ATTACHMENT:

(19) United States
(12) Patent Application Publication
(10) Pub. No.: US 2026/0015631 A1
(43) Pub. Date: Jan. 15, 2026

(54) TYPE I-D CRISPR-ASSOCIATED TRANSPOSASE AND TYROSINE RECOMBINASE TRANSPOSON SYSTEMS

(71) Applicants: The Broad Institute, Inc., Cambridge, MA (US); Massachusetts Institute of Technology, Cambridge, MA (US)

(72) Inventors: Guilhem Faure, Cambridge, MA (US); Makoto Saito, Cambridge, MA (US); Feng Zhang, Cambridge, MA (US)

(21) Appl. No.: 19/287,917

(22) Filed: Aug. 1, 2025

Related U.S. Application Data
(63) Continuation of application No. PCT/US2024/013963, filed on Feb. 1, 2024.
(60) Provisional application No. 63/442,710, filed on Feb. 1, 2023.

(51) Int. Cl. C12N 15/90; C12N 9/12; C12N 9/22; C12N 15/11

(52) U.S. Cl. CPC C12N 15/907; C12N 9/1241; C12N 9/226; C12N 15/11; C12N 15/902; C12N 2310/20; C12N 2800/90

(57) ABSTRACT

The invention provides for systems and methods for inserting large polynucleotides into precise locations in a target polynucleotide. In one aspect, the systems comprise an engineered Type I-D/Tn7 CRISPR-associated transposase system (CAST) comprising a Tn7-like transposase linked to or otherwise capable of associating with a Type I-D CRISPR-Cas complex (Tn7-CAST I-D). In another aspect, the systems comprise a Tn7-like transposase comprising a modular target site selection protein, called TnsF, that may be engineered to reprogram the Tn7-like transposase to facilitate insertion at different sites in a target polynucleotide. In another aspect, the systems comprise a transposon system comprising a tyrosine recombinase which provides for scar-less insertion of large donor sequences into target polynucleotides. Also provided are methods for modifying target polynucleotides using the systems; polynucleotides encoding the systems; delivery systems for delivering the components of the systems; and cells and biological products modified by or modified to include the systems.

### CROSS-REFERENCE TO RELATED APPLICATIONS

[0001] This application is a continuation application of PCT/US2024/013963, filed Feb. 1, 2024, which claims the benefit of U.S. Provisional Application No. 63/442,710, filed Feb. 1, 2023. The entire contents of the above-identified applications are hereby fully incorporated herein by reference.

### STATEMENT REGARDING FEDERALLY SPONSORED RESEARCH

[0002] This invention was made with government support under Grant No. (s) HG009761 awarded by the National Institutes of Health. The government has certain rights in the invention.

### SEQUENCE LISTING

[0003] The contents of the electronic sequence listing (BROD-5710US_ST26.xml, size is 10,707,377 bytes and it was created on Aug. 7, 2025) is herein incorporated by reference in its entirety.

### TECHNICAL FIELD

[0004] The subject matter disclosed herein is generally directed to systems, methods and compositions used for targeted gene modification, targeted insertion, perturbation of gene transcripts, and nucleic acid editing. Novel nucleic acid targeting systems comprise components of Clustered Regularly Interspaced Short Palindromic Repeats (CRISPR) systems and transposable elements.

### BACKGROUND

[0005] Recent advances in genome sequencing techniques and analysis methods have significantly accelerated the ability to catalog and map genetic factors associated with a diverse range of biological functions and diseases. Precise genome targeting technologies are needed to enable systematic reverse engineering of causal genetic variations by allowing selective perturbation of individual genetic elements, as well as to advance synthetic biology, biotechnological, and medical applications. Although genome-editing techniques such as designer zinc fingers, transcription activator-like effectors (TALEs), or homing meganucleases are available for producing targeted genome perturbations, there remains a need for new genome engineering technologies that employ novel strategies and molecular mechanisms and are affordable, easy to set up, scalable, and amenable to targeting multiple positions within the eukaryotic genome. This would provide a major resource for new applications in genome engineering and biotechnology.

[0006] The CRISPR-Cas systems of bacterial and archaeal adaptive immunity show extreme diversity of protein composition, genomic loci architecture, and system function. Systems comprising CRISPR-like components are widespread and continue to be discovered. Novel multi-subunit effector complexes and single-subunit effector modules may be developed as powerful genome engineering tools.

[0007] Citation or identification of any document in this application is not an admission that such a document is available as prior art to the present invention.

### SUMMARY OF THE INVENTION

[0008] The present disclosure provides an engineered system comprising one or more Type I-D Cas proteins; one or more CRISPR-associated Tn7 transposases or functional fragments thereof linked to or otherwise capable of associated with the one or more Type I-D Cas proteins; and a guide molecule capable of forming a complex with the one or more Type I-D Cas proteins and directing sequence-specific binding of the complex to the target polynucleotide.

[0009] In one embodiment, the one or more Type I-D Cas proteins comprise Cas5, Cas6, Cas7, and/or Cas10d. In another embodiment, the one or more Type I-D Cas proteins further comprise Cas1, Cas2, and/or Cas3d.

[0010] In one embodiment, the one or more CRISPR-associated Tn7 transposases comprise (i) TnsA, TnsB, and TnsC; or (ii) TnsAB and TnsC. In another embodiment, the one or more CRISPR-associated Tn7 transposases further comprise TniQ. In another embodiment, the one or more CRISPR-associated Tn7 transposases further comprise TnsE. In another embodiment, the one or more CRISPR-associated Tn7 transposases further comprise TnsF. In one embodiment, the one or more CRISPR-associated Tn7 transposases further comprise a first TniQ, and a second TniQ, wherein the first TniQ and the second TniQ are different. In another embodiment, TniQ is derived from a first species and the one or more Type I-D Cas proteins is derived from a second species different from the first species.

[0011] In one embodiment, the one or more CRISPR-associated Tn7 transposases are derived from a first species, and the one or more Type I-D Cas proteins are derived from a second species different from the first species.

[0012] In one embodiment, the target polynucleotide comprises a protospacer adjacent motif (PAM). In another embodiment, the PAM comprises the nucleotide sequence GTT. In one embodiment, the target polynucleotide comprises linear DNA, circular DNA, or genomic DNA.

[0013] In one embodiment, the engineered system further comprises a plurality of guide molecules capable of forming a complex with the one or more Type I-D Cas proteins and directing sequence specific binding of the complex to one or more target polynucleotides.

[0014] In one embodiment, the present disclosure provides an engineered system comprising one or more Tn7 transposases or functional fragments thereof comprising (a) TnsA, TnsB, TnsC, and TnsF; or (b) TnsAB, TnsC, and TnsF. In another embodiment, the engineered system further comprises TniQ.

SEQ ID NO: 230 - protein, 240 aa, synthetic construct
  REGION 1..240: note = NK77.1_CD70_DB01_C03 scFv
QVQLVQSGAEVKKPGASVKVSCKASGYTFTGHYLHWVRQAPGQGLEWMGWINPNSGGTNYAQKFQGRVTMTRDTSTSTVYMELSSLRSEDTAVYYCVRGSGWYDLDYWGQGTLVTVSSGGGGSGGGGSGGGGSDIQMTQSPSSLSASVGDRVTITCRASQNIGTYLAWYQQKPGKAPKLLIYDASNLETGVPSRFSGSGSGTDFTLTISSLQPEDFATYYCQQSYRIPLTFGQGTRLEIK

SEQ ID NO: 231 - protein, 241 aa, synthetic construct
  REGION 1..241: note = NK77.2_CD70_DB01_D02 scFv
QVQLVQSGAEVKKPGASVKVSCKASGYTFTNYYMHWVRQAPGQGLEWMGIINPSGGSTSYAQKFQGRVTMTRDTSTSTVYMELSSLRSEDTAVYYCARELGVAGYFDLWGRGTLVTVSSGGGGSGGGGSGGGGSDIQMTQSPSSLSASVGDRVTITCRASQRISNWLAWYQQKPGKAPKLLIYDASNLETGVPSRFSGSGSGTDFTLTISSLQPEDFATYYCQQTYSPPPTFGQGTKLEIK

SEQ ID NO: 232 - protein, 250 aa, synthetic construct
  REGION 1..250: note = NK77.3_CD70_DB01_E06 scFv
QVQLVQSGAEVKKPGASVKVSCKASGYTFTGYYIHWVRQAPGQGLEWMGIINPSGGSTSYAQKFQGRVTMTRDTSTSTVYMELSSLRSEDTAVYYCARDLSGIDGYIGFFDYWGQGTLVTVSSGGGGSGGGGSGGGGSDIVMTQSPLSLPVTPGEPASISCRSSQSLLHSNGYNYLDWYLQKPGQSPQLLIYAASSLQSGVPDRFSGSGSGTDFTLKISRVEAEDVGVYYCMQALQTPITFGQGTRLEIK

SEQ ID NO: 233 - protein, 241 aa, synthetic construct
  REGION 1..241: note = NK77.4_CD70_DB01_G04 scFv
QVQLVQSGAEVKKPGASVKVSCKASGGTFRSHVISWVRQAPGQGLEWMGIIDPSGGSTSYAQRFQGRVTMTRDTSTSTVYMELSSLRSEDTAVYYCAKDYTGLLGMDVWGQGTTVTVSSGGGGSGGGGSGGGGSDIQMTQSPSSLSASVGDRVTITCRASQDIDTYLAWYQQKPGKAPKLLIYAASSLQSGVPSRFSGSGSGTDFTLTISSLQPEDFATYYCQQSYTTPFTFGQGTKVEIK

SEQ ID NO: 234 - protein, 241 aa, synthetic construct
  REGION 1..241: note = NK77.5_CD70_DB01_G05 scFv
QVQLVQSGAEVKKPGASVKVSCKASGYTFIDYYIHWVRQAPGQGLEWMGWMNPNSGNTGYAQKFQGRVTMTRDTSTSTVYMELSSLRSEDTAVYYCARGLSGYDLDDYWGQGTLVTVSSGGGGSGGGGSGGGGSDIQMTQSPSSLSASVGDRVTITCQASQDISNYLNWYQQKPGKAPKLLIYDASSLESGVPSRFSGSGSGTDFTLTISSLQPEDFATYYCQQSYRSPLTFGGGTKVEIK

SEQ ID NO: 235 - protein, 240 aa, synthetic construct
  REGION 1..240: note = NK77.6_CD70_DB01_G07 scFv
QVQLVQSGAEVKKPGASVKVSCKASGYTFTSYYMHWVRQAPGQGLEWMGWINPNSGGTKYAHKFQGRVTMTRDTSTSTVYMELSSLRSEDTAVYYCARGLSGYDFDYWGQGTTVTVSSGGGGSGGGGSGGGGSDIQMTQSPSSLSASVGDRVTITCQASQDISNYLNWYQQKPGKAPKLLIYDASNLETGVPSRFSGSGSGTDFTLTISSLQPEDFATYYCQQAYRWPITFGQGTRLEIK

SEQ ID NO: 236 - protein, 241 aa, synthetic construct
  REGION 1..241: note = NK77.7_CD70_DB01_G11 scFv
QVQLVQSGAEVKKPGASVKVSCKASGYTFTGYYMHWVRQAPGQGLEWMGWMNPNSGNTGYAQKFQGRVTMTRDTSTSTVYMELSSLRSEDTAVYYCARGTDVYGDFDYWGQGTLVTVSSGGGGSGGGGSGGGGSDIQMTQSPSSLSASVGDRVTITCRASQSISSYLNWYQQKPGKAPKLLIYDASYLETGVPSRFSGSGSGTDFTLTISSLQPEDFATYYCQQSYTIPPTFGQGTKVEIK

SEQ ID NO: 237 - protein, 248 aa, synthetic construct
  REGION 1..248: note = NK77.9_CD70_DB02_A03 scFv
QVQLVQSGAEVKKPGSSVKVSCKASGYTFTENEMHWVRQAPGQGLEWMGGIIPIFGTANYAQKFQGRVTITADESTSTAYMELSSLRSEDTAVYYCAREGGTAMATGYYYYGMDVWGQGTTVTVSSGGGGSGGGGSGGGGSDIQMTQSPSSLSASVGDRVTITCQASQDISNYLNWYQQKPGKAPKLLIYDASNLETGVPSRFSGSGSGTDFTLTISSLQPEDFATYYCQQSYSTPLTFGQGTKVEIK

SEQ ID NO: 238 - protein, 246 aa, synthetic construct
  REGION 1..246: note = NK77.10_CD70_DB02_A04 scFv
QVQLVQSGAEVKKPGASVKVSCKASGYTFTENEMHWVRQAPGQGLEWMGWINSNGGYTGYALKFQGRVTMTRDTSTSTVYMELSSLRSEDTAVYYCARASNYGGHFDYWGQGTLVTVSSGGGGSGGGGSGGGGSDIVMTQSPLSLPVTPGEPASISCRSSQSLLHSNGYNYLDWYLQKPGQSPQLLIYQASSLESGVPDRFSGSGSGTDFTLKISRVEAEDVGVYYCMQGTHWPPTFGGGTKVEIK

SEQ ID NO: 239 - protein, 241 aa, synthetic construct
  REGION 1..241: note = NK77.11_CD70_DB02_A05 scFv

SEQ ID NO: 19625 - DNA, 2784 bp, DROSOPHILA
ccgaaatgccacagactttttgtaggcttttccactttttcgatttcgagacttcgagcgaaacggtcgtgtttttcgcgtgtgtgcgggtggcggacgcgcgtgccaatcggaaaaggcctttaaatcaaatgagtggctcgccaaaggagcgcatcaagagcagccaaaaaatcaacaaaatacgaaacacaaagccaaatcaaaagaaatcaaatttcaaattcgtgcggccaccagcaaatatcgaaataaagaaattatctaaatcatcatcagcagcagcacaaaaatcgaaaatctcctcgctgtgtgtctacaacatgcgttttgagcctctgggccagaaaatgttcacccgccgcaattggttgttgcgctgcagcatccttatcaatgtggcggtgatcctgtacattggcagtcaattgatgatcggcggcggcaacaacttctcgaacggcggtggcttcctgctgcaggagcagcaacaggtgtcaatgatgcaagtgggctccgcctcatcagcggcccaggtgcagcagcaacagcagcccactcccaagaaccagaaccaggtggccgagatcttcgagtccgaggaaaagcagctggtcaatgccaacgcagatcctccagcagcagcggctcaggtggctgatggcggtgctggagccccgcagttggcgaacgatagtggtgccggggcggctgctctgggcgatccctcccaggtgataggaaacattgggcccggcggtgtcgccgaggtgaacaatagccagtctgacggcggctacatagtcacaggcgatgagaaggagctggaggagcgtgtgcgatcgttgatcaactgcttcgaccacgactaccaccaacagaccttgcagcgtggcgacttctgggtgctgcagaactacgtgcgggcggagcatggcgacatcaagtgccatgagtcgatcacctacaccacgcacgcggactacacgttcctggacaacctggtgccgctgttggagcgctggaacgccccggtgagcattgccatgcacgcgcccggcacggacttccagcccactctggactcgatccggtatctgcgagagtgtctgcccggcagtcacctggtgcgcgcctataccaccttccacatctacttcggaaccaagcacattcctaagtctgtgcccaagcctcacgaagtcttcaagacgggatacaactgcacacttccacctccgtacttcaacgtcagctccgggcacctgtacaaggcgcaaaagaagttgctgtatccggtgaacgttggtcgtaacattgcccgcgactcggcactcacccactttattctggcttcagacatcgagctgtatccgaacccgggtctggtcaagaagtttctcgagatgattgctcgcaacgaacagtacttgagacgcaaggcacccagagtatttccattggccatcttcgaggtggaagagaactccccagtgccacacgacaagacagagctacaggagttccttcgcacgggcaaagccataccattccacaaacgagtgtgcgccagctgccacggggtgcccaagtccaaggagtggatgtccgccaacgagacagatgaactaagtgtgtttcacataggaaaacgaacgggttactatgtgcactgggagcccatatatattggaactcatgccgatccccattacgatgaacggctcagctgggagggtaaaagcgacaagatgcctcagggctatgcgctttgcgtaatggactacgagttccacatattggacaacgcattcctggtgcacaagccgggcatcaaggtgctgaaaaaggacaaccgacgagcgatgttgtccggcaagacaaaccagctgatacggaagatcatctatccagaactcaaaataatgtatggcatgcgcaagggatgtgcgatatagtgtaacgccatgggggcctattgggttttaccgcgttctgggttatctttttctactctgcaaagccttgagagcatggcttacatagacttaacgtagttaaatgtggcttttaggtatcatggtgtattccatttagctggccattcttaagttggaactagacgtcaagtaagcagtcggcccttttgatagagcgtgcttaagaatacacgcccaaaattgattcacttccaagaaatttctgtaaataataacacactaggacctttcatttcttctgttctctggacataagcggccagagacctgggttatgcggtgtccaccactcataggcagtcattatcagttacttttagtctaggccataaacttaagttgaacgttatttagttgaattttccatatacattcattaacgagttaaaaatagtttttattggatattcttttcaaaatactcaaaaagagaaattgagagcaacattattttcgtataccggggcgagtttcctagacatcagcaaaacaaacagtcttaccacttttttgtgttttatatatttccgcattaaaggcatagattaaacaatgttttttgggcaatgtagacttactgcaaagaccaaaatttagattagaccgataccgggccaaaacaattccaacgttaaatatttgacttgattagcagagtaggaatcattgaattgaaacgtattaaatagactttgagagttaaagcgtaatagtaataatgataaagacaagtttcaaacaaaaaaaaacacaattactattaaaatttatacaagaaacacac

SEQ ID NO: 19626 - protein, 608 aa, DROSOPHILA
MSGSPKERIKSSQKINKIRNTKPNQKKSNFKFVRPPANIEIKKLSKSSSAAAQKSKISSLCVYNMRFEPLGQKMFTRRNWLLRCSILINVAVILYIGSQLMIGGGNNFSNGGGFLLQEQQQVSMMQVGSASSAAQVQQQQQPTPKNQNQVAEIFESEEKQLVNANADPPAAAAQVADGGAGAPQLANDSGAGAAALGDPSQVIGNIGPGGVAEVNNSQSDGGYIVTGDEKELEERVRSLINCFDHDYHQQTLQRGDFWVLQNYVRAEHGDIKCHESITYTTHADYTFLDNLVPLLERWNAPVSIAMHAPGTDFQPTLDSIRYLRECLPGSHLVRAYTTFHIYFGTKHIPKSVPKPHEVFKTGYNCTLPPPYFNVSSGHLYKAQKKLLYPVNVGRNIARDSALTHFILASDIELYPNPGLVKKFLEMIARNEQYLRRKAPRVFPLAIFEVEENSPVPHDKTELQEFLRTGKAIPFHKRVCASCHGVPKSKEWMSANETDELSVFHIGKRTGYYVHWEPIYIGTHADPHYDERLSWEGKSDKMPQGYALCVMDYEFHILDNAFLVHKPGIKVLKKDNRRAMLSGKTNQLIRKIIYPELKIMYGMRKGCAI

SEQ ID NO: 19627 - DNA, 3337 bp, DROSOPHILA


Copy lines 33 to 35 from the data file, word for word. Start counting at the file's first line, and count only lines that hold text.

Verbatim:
[0011] In one embodiment, the one or more CRISPR-associated Tn7 transposases are derived from a first species, and the one or more Type I-D Cas proteins are derived from a second species different from the first species.

[0012] In one embodiment, the target polynucleotide comprises a protospacer adjacent motif (PAM). In another embodiment, the PAM comprises the nucleotide sequence GTT. In one embodiment, the target polynucleotide comprises linear DNA, circular DNA, or genomic DNA.

[0013] In one embodiment, the engineered system further comprises a plurality of guide molecules capable of forming a complex with the one or more Type I-D Cas proteins and directing sequence specific binding of the complex to one or more target polynucleotides.